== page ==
The American artist John Baldessari and the Russian Ilya Kabakov are equally celebrated as "godfathers" of Conceptual art and share a love of wit and irony that transcends language. Both have worked for nearly five decades, have a passion for painting and art history, and play with image and text, as well as mining popular culture for inspiration. Surprisingly, they have only shown together once, and have never had the opportunity to discuss their practices together in public.
On the occasion of Baldessari's first show in Moscow, 1+1=1 at Garage Center for Contemporary Culture, join co-curators Kate Fowle and Hans Ulrich Obrist for a conversation with the two artists on their views on art, what inspires them, and what Conceptualism really means to each.
Ilya Kabakov was born in 1933 in Dnepropetrovsk. Since 1988 he has lived in New York City (USA). Kabakov is renowned as a pioneer of Russian Conceptualism, characterized by its caustic reimagining of the Soviet reality with its absurd red tape and pompous slogans. The artist is credited as the author of the term "total installation," emphasizing the full engagement of viewers with an artwork, having used this form for his acclaimed projects La Chambre de Luxe (1981), Box with Garbage (1986), The Communal Kitchen (1991), and The Toilet (1992). Photographs, newspaper clippings, speech snippets, and ordinary objects were incorporated into his installations satirizing Soviet "chic" to provoke both laughter and pity. The exhibition Utopia or Reality? El Lissitzky, Ilya and Emilia Kabakov curated by Charles Esche is open at Multimedia Art Museum from 17 September till 17 November 2013.
John Baldessari was born in 1931 in National City, California, USA, and currently lives and works in Santa Monica, California. A pioneer of Conceptual art, the artist has been working with painting, photography, film, video, books, prints, objects and installation for five decades. Since his first show in 1968, Baldessari has exhibited widely across Europe and the USA, producing nearly 100 solo exhibitions. His first retrospective was organized by the New Museum in New York in 1981; a decade later, in 1990, the Museum of Contemporary Art, Los Angeles developed a survey show that traveled across the United States, and in 1995, This Not That was the first retrospective to be organized in Europe by Cornerhouse, Manchester, which travelled to London, Stuttgart, Ljubljana, Oslo and Lisbon. In 2009, the artist was the subject of a lifetime retrospective, Pure Beauty, organized by Tate Modern in London, which traveled to Museu d'Art Contemporain in Barcelona; Los Angeles County Museum of Art and The Metropolitan Museum of Art, New York throughout 2011.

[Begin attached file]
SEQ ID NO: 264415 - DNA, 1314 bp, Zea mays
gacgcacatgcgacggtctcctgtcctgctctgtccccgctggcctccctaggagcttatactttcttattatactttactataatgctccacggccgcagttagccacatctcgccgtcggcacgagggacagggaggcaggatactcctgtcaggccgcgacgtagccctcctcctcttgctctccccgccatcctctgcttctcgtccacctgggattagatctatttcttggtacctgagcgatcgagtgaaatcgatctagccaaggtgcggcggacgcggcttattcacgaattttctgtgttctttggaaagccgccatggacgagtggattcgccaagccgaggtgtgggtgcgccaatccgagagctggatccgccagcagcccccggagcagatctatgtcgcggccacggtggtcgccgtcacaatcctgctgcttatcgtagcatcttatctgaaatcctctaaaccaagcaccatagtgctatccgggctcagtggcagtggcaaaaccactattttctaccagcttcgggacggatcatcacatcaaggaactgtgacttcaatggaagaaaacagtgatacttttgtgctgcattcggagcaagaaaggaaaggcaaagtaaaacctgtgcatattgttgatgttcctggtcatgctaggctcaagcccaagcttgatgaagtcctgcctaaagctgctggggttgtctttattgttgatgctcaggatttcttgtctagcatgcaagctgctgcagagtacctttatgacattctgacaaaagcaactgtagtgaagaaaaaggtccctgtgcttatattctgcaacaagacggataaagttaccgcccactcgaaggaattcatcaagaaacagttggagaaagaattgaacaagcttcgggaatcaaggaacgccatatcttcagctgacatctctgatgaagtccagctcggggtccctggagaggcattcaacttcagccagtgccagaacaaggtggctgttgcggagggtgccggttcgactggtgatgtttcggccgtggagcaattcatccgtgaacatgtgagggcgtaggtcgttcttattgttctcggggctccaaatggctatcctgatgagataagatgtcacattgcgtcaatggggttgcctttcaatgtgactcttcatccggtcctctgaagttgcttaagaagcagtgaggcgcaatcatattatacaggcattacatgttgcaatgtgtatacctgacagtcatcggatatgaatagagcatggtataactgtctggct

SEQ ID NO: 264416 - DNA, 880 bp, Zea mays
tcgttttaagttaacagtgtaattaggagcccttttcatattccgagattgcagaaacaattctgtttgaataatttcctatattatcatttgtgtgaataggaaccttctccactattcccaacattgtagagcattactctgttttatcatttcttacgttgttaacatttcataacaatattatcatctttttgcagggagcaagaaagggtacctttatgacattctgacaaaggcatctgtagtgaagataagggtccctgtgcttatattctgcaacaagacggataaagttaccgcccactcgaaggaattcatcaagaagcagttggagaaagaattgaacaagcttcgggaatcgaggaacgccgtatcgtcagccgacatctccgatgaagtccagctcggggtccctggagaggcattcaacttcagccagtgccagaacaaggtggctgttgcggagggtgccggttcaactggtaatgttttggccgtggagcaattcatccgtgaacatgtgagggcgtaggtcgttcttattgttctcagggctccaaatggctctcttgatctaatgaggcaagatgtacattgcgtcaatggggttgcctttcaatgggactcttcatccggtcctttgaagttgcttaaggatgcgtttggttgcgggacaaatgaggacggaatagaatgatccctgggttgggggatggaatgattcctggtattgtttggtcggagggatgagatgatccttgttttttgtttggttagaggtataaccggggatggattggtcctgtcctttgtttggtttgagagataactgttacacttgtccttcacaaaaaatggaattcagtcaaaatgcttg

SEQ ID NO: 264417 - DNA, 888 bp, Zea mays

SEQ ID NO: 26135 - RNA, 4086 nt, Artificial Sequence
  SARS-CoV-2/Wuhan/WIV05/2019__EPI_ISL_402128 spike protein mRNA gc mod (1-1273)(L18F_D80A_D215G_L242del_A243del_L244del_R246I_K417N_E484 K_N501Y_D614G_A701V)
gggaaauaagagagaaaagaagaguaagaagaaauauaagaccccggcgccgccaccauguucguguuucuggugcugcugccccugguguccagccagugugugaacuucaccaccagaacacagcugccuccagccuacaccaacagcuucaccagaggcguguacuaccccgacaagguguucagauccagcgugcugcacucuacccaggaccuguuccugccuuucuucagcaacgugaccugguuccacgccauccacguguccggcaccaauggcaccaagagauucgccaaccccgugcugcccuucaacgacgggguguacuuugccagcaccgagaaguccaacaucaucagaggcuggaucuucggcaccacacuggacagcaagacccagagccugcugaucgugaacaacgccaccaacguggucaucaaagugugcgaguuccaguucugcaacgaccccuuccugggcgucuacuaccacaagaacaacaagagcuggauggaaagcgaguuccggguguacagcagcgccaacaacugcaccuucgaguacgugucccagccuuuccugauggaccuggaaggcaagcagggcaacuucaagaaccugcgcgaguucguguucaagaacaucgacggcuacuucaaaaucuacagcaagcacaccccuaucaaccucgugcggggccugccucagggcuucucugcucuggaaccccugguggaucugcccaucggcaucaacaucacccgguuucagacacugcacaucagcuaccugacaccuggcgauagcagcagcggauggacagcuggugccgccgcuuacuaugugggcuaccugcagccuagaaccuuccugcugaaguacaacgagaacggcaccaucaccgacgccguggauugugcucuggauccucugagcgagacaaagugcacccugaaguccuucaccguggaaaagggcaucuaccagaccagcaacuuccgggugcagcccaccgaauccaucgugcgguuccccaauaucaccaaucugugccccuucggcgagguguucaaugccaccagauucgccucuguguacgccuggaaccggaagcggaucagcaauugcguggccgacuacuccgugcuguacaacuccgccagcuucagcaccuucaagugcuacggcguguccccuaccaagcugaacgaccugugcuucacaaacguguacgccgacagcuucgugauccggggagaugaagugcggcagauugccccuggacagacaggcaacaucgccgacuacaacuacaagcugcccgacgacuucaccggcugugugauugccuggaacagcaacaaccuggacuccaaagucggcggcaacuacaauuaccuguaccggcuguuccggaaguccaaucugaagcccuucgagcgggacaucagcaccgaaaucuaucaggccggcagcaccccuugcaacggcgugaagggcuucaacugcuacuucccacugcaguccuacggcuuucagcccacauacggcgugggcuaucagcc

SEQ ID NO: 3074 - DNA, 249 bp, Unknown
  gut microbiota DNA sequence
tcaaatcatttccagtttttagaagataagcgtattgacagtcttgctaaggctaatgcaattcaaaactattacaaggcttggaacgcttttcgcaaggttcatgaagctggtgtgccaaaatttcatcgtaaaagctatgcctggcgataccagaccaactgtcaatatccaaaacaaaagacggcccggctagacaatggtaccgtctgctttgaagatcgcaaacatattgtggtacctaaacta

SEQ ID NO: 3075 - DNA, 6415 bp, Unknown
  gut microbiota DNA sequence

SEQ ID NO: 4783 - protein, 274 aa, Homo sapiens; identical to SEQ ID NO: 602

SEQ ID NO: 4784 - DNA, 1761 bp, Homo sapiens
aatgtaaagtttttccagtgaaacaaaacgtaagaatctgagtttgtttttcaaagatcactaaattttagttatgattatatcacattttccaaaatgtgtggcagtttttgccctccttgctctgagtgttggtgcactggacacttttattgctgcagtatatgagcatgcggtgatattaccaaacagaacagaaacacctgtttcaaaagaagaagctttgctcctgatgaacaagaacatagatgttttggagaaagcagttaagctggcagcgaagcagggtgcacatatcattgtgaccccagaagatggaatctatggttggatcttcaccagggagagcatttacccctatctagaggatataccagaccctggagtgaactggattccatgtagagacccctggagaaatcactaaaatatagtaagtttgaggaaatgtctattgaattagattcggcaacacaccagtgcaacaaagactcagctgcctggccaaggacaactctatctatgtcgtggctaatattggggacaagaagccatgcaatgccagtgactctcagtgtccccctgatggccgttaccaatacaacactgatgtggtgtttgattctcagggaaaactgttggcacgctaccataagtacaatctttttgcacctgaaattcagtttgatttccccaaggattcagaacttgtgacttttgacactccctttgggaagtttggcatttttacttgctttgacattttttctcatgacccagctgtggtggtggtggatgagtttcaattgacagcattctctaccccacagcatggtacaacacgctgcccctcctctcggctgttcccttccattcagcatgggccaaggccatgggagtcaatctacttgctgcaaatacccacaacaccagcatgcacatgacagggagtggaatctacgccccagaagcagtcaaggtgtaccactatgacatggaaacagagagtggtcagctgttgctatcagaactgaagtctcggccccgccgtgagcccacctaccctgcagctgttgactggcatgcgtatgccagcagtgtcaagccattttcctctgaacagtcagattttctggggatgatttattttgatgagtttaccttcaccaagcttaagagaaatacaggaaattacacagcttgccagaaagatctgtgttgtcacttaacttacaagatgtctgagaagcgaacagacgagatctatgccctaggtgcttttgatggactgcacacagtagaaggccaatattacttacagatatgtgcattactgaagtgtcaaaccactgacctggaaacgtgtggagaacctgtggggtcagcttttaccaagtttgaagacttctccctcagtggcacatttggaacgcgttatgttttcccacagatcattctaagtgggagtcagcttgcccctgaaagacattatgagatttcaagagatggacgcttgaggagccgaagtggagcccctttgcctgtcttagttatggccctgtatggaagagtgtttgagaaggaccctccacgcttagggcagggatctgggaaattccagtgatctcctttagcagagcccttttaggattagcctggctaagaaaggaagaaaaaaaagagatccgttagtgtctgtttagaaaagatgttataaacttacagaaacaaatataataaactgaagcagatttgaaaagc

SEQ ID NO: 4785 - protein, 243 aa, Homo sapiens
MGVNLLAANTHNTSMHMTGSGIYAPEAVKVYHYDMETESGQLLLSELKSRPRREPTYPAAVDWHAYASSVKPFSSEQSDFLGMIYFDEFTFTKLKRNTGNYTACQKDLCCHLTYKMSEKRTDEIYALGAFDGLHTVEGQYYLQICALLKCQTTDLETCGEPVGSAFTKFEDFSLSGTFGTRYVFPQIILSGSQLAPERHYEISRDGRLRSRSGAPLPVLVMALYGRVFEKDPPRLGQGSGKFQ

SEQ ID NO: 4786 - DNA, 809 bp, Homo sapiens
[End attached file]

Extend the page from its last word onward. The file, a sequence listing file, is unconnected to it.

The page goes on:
Participating in hundreds of group exhibitions all over the world since 1957, Baldessari has been selected for six Whitney Biennials (1969, 1972, 1977, 1979, 1982, 2008), three Documentas (1972, 1982, 2012) and two Venice Biennales (1997, 2009). In 2011, he was included in eleven of the 40 exhibitions developed as part of Pacific Standard Time: Art in L.A., 1945-1980. Over his career, the artist has received numerous awards, including the Kaiserring by the city of Goslar, Germany (2012); the Golden Lion Award for Lifetime Achievement at the Venice Biennale (2009); the Lifetime Achievement Award, Americans for the Arts, New York (2005) and the Distinguished Artist Award for Lifetime Achievement, College Art Association, New York (1999).